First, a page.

But being motivated by fear is not sustainable. There is inevitable burn out. And the burnout is bad. It causes its own influx of even more terrible intrusive thoughts like, “Am I giving up? Am I weak? Am I playing the victim to something I have the control to fix? Why am I tired? This isn’t who I am. Or is it?”.
My worst fear of losing control over my own mind, has literally brought me to the brink of losing my mind. It’s ironic how your fears can become the very catalyst of making them reality. I don’t believe in manifestation in the modernized sense, but the fact that our thoughts directly impact our feelings, indeed contributes to a form of “manifestation”. But what happens when we can’t control our thoughts? When we can’t even sit with them?
I think the popular mentality of manifesting what you want has been pretty toxic to people like me. People who beat ourselves up for having bad thoughts at all. People who maybe really don’t have control over what they choose to think about. When I look around, it seems like everyone preaches this positive manifestation and organic healing shit and it makes me feel incapable. Incapable of dealing with my problems naturally without the help of therapists and doctors. If everyone else can do it, why can’t I? Why is it that the very people who claim to support mental health now make others feel as if asking for serious clinical help is so abnormal?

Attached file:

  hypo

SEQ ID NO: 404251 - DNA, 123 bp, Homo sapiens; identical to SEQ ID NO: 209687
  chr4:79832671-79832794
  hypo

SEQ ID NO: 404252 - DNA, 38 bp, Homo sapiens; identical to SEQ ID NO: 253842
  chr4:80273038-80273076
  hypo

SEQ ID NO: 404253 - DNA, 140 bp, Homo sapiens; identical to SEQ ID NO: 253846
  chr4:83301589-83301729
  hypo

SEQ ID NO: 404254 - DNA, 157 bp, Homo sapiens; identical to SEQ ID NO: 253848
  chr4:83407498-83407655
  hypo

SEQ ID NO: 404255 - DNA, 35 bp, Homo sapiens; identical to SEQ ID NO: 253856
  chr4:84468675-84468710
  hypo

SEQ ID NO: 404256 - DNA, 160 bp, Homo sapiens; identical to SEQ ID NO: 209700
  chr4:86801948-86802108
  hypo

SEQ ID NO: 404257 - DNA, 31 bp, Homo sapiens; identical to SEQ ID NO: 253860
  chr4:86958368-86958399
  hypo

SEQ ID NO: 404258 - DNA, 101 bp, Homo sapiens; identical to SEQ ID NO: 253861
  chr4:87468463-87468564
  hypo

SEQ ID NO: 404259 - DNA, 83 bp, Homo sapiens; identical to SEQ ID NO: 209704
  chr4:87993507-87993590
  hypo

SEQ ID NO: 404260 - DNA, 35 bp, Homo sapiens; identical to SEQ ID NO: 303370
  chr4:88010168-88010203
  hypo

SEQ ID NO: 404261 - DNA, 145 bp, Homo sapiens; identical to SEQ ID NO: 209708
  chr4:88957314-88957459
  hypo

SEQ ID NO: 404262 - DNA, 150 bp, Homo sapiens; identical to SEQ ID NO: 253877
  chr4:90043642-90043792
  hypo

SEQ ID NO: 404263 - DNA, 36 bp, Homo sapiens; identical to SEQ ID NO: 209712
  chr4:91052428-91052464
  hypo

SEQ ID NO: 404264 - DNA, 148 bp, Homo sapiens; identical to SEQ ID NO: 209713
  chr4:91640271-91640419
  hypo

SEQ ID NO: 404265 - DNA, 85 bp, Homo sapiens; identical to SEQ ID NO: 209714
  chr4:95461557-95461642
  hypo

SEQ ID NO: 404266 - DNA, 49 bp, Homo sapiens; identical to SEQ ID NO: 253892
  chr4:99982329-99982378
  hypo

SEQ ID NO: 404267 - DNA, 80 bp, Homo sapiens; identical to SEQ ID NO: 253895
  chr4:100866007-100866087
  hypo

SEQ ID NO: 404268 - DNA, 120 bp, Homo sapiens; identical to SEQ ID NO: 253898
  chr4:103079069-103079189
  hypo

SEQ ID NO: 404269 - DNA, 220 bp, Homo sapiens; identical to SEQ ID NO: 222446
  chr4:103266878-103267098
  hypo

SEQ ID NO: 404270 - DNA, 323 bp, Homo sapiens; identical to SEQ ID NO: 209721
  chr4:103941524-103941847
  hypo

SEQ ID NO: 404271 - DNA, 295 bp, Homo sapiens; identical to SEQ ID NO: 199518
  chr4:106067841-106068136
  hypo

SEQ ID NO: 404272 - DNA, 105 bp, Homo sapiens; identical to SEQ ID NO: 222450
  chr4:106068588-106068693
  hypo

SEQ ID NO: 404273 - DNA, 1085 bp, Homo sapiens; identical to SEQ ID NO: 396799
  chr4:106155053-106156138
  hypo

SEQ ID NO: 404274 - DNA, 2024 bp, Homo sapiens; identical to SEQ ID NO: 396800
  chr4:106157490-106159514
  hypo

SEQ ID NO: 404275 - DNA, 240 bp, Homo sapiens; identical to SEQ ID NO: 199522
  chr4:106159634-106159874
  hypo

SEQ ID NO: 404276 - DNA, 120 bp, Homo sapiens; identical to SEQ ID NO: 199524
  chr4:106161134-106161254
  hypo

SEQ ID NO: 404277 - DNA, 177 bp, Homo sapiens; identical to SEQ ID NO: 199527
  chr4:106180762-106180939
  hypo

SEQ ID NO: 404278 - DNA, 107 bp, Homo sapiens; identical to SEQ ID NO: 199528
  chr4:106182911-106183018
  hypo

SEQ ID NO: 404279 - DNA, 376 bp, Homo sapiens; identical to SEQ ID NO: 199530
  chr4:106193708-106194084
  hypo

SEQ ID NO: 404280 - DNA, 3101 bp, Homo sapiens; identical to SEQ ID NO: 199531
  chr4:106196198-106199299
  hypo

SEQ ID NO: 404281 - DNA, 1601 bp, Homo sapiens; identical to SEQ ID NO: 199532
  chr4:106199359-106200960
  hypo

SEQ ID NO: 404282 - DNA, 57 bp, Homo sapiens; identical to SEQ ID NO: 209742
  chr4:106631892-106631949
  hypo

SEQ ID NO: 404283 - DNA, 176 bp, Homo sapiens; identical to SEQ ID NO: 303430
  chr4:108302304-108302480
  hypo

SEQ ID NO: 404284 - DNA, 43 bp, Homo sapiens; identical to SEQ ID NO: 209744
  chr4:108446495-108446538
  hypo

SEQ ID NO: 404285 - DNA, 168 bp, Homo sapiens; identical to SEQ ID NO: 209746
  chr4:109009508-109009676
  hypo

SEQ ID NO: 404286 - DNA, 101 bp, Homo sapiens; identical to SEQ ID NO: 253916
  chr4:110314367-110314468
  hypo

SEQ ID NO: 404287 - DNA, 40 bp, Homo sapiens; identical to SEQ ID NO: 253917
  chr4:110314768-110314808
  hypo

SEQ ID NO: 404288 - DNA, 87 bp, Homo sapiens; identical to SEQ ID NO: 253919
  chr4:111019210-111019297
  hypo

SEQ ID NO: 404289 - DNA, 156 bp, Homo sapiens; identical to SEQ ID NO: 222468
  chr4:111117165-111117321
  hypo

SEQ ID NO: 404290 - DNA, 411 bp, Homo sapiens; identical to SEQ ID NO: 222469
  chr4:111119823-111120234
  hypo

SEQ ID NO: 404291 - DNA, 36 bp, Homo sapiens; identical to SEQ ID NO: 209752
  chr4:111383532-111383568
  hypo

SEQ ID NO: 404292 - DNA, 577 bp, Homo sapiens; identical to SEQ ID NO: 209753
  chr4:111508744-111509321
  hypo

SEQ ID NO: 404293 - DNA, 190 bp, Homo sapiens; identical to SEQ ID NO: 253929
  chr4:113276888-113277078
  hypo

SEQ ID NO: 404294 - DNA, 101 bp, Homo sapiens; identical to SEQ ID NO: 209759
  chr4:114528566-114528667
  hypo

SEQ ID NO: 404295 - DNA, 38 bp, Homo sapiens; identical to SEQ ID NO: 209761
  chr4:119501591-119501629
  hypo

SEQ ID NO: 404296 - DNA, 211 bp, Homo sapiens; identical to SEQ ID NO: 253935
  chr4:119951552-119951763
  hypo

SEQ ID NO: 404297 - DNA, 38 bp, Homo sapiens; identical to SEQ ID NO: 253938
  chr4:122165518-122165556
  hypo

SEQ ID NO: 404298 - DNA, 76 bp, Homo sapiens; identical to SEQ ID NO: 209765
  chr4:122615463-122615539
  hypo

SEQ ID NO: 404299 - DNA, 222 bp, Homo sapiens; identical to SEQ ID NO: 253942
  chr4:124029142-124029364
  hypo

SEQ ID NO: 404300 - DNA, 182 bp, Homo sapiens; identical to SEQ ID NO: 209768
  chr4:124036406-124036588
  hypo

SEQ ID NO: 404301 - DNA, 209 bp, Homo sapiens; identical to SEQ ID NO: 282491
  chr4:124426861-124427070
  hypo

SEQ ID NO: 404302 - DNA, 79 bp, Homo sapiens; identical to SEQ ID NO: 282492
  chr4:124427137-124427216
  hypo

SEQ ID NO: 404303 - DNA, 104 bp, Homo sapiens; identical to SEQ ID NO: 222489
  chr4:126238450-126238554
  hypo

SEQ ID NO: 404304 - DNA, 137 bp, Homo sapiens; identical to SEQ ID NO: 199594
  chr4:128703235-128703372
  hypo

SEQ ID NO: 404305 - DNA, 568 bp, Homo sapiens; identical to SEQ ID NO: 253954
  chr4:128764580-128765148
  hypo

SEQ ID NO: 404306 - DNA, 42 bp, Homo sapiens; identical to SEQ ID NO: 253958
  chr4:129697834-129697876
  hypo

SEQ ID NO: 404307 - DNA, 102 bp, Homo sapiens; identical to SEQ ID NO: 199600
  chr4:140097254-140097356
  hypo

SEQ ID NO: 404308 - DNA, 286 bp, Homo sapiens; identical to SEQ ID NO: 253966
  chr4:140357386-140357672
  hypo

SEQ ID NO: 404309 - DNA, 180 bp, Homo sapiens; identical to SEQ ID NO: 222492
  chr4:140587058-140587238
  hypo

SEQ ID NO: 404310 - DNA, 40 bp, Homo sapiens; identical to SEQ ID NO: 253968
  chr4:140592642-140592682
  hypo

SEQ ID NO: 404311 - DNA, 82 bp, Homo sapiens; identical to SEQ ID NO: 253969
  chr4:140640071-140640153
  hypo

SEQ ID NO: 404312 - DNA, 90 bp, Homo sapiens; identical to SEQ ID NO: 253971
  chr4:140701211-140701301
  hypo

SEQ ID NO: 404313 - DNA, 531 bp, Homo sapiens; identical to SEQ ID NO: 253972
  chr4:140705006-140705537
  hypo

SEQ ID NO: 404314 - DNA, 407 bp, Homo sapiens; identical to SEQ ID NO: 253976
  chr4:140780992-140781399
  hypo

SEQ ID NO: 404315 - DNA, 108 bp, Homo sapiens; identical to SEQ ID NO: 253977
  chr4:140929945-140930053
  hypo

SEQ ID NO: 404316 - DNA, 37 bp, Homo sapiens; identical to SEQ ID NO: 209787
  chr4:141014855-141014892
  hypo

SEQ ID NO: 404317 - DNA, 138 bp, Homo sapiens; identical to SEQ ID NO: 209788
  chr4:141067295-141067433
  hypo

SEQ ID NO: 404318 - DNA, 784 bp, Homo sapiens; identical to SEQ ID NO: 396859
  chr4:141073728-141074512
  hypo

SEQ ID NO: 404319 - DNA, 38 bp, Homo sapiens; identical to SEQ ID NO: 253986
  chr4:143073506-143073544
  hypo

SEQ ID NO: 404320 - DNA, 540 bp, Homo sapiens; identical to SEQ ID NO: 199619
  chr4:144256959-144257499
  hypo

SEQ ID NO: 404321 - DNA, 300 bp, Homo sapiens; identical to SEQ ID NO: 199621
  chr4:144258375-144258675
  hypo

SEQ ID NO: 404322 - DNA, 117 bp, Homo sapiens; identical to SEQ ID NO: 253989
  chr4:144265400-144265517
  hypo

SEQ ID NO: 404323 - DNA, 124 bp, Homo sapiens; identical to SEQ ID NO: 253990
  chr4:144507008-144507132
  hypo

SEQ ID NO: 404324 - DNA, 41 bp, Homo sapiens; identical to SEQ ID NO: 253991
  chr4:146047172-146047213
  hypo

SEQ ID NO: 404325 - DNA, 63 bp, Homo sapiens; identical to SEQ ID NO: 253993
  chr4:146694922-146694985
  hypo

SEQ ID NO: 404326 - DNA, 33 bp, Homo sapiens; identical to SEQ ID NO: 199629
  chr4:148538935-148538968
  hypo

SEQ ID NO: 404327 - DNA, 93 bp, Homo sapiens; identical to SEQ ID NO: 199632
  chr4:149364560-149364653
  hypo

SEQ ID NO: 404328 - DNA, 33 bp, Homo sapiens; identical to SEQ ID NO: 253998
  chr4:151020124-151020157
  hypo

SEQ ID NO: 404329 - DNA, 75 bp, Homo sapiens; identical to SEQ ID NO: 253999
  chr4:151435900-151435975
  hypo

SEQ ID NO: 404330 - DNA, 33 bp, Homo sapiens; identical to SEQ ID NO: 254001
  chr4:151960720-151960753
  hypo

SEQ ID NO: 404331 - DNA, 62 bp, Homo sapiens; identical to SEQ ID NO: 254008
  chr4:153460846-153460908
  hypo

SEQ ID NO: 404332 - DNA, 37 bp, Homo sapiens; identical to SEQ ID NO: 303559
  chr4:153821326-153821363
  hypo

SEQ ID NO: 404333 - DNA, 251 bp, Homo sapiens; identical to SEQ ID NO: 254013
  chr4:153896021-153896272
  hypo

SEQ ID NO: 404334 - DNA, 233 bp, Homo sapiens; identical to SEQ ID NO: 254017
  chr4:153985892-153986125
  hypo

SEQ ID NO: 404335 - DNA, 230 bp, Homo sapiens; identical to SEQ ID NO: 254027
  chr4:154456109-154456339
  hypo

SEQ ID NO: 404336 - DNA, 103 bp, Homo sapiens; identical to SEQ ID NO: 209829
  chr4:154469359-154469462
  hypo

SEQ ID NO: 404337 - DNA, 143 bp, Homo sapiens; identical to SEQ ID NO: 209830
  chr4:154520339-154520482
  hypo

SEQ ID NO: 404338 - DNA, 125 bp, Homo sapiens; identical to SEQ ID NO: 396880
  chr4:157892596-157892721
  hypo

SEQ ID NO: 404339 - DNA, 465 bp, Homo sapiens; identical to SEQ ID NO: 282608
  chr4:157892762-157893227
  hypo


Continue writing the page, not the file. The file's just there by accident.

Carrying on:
I have fallen victim to this new facade that organic living is an antidote for all mental illnesses. As mentioned before, I did everything I could to maintain my mental health, why isn’t it working? I myself preached exercise and healthy living as way to cure mental struggles. But that clearly hasn’t been a permanent solution. I want to be like everyone else online talking about how all their problems melted away after eating the newest CBD packed chocolate bar. Why doesn’t it work for me?
Admitting to not having control is possibly my worst nightmare. But in a weird way, the very action of accepting that maybe there is something out of my control- possibly a disorder, a chemical imbalance, PTSD, anxiety- might be the only control I have in overcoming it. Maybe relinquishing the desire to feel fully whole, completely in control, is the antidote I need. I’m afraid to admit that all the new wave herbal medicines and newest fad workouts aren’t enough for me. I’m afraid that maybe my genetics are fucked up. I’m afraid to ask for a mental health day. I’m afraid of admitting this all publicly at the risk of being treated differently. I’m afraid of being afraid when no one else seems to be. But here I am, facing my worst fears as a way to be free of them. I can’t let my fears prevent me from getting the help I might actually need. Don’t be afraid to be out of control. We all are in one way or another completely out of control. Maybe the only control any of us really have is accepting that. And maybe once we realize that, we can enjoy the unknowns of life and be excited rather than letting the unknown fill us with fear.